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BMAT Test – A Free Guide to The BMAT Exam

The BioMedical Admissions Test (BMAT) is a two-hour pen and paper aptitude test required by a handful of medical, dental and veterinary schools. This page provides the headline information on the BMAT exam, including how BMAT universities use your BMAT scores.

Don’t forget to use all the subpages to make the most of the section!

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Why not check out our popular Online BMAT Course and BMAT Question Bank too?


What Does the BMAT Involve?

Unlike the UCAT, the BMAT assesses a combination of aptitude and knowledge testing a broad range of skills across three sections:

The exam is a two-hour pen and paper test. You can find out more about each section of the exam below:

BMAT SectionWhat does it test?Question formatTiming
Section 1Generic skills in problem solving, understanding arguments, and data analysis and inference.35 multiple-choice questions60 minutes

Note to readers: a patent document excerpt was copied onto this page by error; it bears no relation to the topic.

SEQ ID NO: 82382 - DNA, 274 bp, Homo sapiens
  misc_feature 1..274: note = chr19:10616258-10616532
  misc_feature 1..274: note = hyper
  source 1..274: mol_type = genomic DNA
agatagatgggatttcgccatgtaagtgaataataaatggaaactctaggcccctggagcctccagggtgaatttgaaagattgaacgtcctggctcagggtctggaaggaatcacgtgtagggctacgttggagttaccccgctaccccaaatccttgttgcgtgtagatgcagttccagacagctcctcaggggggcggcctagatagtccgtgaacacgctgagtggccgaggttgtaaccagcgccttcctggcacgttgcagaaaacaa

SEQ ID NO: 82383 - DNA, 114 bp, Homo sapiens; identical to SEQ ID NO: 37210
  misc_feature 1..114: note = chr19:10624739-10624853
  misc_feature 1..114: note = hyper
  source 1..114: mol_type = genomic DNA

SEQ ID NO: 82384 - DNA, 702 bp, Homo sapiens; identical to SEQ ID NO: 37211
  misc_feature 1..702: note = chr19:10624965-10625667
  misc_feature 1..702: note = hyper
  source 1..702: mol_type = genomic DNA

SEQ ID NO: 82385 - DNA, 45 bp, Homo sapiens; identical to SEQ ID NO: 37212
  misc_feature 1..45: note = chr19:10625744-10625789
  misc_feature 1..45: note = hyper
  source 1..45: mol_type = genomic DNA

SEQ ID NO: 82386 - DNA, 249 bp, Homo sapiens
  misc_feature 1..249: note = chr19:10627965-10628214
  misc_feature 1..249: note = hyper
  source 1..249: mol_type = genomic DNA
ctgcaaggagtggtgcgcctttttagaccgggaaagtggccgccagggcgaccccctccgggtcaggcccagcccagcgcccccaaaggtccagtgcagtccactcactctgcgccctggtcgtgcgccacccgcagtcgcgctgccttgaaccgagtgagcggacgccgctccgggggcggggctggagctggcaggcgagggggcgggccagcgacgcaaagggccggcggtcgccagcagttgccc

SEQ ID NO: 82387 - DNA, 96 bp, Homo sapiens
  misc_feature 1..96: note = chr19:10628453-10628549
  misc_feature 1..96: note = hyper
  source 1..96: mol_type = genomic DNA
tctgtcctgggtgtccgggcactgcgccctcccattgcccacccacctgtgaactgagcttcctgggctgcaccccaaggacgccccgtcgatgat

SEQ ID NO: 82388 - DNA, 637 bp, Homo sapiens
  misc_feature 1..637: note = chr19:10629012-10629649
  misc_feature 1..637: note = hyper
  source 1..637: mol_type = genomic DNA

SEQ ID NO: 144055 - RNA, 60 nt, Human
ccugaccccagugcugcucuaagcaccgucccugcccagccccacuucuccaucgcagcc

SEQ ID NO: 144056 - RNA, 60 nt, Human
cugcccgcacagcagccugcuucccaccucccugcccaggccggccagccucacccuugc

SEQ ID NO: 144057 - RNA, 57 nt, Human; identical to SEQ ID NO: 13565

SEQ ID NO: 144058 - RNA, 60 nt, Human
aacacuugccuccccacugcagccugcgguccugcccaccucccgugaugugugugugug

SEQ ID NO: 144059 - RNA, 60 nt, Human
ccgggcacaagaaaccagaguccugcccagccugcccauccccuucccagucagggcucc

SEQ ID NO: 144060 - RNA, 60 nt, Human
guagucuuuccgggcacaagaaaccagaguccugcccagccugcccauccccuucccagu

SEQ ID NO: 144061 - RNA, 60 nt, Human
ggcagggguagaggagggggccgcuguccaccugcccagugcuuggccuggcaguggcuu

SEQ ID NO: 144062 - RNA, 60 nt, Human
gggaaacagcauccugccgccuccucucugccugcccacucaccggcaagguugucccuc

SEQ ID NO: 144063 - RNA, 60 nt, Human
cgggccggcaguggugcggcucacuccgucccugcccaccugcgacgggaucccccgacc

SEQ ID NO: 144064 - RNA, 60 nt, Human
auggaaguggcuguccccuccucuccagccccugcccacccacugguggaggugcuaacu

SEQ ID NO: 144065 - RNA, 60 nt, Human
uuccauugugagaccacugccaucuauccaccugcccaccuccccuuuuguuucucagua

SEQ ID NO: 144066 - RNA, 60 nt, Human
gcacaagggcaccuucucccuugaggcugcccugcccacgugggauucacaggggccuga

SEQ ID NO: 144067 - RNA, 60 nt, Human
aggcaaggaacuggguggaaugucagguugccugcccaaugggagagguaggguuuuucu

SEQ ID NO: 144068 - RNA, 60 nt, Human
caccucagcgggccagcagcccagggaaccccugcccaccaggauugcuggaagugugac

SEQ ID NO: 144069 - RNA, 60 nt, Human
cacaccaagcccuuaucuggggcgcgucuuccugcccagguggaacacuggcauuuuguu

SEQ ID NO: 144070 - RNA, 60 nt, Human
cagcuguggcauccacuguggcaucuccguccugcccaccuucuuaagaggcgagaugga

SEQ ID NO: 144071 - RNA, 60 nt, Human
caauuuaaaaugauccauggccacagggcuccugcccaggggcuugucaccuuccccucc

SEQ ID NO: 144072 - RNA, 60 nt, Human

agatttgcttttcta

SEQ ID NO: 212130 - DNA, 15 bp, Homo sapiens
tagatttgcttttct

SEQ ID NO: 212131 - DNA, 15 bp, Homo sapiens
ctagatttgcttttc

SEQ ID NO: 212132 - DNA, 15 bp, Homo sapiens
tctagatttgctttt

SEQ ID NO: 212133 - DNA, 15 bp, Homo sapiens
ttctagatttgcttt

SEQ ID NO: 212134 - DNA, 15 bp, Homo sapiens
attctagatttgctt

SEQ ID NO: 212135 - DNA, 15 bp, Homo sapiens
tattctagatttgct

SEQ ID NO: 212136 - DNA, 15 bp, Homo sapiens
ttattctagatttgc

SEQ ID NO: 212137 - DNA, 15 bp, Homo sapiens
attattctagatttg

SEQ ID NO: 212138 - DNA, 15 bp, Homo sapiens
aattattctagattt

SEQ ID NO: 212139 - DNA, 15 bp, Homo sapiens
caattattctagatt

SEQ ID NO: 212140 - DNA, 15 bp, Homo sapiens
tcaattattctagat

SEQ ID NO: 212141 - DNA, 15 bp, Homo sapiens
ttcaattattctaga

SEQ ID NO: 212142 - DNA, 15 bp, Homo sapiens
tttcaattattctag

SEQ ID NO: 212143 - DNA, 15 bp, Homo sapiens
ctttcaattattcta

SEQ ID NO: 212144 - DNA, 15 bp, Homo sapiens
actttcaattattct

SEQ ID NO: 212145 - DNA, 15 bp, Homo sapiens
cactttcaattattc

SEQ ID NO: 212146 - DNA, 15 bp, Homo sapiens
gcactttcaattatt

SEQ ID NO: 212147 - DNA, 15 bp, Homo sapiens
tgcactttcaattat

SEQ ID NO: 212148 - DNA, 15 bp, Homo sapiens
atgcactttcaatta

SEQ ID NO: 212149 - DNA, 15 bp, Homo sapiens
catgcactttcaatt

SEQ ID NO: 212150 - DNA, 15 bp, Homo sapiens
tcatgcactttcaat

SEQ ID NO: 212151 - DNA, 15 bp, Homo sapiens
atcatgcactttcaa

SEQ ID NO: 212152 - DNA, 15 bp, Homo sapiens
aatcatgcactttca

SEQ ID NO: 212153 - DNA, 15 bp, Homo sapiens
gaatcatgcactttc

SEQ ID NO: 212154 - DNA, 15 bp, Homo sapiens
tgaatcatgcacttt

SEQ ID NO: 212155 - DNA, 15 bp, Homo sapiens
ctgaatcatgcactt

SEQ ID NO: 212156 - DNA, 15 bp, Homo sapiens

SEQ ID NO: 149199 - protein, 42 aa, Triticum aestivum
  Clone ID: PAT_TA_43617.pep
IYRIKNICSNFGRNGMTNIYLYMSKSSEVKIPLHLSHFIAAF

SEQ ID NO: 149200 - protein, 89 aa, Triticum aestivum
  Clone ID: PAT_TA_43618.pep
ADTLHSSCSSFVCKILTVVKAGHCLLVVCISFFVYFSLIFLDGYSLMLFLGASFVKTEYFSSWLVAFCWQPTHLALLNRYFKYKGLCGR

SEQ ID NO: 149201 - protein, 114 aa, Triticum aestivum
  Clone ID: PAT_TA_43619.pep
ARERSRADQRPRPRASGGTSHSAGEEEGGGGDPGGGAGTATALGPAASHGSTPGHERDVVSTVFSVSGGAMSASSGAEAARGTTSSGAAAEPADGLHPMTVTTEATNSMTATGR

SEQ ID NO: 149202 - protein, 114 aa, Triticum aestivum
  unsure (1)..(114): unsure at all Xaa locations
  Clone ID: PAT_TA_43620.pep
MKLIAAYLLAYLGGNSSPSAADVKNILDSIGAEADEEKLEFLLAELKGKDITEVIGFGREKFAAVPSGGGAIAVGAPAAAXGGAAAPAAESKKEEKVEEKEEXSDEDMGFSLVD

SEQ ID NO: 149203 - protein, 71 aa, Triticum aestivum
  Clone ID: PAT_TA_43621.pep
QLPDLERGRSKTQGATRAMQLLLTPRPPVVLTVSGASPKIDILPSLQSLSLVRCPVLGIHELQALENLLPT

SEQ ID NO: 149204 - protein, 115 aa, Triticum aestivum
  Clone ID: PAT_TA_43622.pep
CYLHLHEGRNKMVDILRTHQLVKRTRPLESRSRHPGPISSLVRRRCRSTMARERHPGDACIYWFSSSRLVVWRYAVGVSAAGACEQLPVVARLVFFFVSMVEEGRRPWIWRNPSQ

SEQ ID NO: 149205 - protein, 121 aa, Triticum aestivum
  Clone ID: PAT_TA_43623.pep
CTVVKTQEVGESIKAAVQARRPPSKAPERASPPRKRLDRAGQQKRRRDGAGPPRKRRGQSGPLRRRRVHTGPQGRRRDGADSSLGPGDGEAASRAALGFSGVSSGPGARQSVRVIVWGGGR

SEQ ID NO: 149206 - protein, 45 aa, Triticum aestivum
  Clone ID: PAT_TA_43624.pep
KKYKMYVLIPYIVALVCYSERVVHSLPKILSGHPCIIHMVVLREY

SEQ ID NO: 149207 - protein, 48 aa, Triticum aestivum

Section 2The ability to apply scientific knowledge typically covered in school Science and Mathematics by the age of 16 (for example, GCSE in the UK and IGCSE internationally).27 multiple-choice questions30 minutes
Section 3The ability to select, develop and organise ideas, and to communicate them in writing, concisely and effectively. One writing task from a choice of three questions30 minutes

Many students consider that due to the broad range of skills tested, coupled with the fact you can’t use a calculator or dictionary, it is a tough exam.

However, all past papers are available to download online from the Cambridge Assessment Admissions Testing website so with sufficient practice you should feel confident and well prepared. With these, we’d recommend starting with older past papers and then completing more recent ones as your revision progresses.

How Many BMAT Universities Are There?